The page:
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Interfaith Inform: March 29, 2022
Kaufman Interfaith Institute


Interfaith Insight
Doug Kindschi
Director, Kaufman Interfaith Institute, GVSU
In the midst of the sin and evil of war, let us work for peace
 “War is sin. War is evil. … Since before recorded time. Through the centuries. Now. You might say that our inhumanity to others is a sobering characteristic of being human.”
These words were written by Diana Butler Bass, Christian author, independent scholar, and columnist, in a recent article discussing the horrors occurring today in Ukraine.
Bass continues by noting something else painfully true: “We’d like to believe that religion makes this inhumanity better – we preach good sermons about this, theologize endlessly on love and peace – yet know differently.”
She notes that while there has been a decline of religious practice in the western countries of Europe, Orthodox Christianity is growing Europe’s eastern countries including Russia and Ukraine. In countries like Russia, there has been an attempt, she writes, to “recreate an imperial Christian state … uniting political, economic, and spiritual power into an entity to control the earthly and heavenly destiny of European peoples.” 
She sees in contrast, a different style where the future affirms the historic faith, “but is open, tolerant, and creative, not merely as a vassal state of neo-imperial Russia.” Bass concludes, “Make no mistake: the war in Ukraine can rightly be seen as a religious war, a specifically Christian – even Orthodox Christian – one.”  
Bass recalls that the beginning of Christianity in Russia and in Ukraine is traced back to the 10th century with the conversion of Prince Vladimir (Volodymyr in Ukrainian) the Great. Following his baptism in the Dnieper River in Kyiv, he installed Christianity as the state religion.  Bass called the current invasion a kind of crusade to “recapture the Holy Land of Russian Orthodoxy, and defeating the westernized (and decadent) heretics who do not bend the knee to Moscow’s spiritual authority.”
It is also a conflict over power and control. Bass notes Ukraine’s strong national identity does not insist on a uniformity in religious belief. Its president is Jewish, and the constitution protects religious freedom.  Catholic and various Protestant churches thrive in areas controlled by the Ukrainians. Not so in the Russia-backed areas.  
“In the eastern regions of Donbas,” she writes, “pro-Moscow authorities forced non-Russian Orthodox churches to register and have waged a persecution campaign against Baptists, Pentecostals, Jehovah’s Witnesses, and even other Orthodox who do not recognize the authority of the Moscow church.”  Bass is not suggesting that this is being enforced by the religious authorities, but notes the different levels of religious freedom experienced.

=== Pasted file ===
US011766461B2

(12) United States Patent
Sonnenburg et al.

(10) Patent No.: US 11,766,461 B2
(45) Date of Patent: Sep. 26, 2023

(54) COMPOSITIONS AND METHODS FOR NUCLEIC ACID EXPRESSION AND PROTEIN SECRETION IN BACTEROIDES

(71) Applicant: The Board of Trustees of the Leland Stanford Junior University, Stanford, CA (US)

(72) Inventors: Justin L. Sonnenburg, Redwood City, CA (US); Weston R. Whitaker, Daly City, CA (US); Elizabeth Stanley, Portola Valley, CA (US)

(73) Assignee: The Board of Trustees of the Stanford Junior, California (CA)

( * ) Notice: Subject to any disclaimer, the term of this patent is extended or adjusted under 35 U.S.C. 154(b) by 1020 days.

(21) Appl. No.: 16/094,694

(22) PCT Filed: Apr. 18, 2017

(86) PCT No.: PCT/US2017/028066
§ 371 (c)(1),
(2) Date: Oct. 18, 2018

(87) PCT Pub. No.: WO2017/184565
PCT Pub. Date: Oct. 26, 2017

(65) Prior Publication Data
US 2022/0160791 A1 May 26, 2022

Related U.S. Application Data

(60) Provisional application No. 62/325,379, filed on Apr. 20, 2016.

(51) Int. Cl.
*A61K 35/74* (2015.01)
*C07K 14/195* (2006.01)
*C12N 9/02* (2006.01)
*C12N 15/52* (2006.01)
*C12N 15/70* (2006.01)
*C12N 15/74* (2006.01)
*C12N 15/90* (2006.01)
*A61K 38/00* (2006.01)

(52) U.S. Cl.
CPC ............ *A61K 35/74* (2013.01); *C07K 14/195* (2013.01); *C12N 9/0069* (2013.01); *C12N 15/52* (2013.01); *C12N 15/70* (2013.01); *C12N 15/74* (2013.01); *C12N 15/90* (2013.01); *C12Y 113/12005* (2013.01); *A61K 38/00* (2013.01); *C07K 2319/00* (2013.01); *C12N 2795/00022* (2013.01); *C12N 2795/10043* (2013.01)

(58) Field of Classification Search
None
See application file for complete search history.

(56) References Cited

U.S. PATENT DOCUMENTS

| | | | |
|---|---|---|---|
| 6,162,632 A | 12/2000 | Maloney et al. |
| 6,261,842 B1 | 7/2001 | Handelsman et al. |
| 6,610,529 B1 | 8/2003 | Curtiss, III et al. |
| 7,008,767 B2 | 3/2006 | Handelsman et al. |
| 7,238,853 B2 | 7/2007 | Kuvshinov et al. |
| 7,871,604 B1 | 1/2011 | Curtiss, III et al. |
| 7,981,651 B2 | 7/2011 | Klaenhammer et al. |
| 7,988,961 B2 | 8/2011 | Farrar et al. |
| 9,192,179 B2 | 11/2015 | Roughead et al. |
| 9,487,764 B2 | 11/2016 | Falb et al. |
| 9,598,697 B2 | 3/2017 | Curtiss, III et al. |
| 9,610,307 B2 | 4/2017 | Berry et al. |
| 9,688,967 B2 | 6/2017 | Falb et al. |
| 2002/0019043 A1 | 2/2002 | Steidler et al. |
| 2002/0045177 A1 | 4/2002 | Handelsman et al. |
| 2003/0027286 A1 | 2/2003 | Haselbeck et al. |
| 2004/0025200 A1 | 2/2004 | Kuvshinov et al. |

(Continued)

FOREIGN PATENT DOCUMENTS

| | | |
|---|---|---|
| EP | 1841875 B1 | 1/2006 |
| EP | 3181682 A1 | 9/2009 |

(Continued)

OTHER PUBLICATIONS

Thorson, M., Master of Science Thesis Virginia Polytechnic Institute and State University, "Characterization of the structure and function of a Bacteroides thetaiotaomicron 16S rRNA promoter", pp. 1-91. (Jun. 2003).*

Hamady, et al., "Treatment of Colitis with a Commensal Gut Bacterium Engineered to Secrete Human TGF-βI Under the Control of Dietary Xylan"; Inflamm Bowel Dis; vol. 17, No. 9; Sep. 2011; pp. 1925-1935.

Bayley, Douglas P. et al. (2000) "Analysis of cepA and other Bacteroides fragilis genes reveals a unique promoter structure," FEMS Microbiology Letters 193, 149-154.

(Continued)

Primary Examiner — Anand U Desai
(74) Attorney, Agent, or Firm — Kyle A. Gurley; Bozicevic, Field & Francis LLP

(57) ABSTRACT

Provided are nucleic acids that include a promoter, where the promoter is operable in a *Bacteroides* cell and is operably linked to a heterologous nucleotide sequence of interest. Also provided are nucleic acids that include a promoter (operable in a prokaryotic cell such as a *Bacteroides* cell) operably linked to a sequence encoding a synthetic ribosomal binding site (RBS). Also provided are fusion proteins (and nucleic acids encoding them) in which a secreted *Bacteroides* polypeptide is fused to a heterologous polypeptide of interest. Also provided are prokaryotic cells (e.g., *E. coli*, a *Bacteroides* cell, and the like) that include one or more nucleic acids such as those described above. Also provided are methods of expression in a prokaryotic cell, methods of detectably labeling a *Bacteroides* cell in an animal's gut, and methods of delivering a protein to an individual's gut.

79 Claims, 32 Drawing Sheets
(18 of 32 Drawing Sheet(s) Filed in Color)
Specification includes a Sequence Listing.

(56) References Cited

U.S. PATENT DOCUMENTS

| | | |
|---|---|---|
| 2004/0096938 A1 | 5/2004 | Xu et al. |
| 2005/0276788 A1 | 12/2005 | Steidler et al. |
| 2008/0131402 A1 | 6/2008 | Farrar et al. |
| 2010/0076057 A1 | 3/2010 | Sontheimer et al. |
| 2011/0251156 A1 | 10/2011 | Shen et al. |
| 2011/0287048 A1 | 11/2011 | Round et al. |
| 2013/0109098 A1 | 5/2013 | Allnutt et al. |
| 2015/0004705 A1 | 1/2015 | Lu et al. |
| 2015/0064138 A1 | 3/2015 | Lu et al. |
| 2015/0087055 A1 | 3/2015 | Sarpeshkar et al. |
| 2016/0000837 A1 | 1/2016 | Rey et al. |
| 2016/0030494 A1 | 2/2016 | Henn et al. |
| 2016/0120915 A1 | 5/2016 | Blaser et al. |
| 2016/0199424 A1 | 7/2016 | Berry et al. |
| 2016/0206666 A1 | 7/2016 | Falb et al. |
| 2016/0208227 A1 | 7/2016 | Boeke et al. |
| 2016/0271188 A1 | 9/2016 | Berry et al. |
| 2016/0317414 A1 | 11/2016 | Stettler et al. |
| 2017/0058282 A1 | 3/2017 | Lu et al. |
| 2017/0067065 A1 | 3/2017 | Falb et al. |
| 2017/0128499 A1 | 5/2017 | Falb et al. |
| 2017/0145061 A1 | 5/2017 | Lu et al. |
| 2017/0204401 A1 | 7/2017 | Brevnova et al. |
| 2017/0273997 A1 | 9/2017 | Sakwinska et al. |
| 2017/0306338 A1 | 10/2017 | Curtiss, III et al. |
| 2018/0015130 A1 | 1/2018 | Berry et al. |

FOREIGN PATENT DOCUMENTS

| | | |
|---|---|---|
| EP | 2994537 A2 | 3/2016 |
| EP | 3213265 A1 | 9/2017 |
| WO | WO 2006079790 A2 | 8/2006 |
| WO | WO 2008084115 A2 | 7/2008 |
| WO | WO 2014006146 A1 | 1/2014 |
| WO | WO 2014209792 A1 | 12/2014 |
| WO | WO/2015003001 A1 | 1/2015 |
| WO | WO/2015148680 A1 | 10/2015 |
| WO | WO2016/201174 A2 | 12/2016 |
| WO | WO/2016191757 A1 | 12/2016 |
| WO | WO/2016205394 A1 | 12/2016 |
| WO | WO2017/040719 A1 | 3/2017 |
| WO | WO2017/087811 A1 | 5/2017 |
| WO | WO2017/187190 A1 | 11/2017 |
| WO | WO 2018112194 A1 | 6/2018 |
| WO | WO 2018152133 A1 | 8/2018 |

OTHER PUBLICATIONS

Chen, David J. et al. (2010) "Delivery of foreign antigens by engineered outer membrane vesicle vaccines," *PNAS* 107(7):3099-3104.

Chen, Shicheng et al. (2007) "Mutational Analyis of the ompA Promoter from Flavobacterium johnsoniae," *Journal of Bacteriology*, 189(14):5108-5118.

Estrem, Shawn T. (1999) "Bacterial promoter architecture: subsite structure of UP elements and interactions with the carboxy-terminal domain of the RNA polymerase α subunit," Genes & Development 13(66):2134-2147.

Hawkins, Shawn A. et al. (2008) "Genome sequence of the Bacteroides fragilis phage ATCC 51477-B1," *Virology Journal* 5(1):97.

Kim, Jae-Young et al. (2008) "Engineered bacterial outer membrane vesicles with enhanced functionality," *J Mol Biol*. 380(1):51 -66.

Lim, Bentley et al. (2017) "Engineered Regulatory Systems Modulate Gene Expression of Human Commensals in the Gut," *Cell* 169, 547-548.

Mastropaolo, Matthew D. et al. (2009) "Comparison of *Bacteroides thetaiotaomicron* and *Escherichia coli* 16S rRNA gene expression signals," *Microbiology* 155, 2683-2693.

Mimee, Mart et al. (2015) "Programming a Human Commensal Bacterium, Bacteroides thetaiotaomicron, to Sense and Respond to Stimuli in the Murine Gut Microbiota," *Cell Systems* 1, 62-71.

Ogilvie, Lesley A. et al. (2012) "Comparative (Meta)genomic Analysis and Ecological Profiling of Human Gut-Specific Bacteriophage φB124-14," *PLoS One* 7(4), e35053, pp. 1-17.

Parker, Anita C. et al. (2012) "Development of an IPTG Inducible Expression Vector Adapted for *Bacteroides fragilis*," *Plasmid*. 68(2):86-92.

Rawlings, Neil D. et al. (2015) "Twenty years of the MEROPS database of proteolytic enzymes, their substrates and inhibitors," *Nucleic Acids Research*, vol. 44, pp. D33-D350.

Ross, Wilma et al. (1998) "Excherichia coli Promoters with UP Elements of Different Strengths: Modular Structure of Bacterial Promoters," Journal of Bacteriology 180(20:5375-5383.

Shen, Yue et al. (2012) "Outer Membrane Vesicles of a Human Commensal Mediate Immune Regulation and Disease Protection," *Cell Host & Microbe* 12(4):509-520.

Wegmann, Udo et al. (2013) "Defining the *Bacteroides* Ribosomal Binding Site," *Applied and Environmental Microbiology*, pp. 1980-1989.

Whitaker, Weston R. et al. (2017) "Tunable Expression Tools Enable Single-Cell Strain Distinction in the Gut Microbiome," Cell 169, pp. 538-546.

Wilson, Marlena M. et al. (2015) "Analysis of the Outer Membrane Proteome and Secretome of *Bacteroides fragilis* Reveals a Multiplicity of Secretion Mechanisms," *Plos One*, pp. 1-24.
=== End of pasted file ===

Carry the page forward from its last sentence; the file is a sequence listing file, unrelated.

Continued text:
The article was sent to me by a friend and faithful Insight reader who is also a practicing Orthodox Christian. She was responding to an earlier Interfaith Insight column discussing the invasion of Ukraine and some of the religious issues involving the Eastern Orthodox churches.
Another response came from an Orthodox priest who pointed out that the religious situation described in my Insight was more complicated than I had suggested. I certainly know that and appreciated a nearly hour and a half video interview with Fr. John Strickland, Orthodox priest and Russian historian, who urged us to look at the historical background in order to understand the war in Ukraine. The introduction called on all Christians to respond with love and to pray for peace. Fr. Strickland pointed to the dangers when nationalism is mixed with religious fervor. He also noted that neither the patriarch of the Moscow church nor of the Ukrainian Orthodox churches supports the war but calls for peace.
I now know a bit more but am still convinced that it is still more complex than I (or Bass) understand. Nevertheless, the carnage and destruction, deaths and violence against innocent civilians, and attempts for one country to control its neighbor, can’t be justified as a pure religious matter.  Sin and evil, often enhanced by political power, are present and must be addressed.  
Bass is also known for her writing about her own religious journey that led her to a broad understanding of her own faith and the importance of encouraging multiple faith expressions. Religious freedom requires hospitality and a respect for diversity and pluralism. In our own country we still have much to learn in accepting difference.
“Hospitality and diversity are intimately related,” she writes. “I think there are Christian groups, and Jewish groups and Hindu groups and Muslim groups and all kinds of different religious communities, that practice it quite well. But as a country, we really struggle.”
As one working for interfaith understanding, I urge that we all, regardless of our faith or philosophical commitment, decry the sin and evil of war, seek the welfare of all, especially the innocent civilians caught up in this war, and seek and pray for peace.

2022 Interfaith Academic Consortium Conference 

April 6, 2:00 PM & 7:00 PM

This conference will feature Dr. David Nirenberg, Director and Leon Levy Professor at the Institute for Advanced Study in Princeton N.J. His leactures will explore the relationship between race and religion in history and today, as well as, the past and present landscape of anti-judaism.  

For an archive of previous articles
click here.
For more resources on interfaith dialogue and understanding, see this week's Ethics and Religion Talk column hosted on The Rapidian.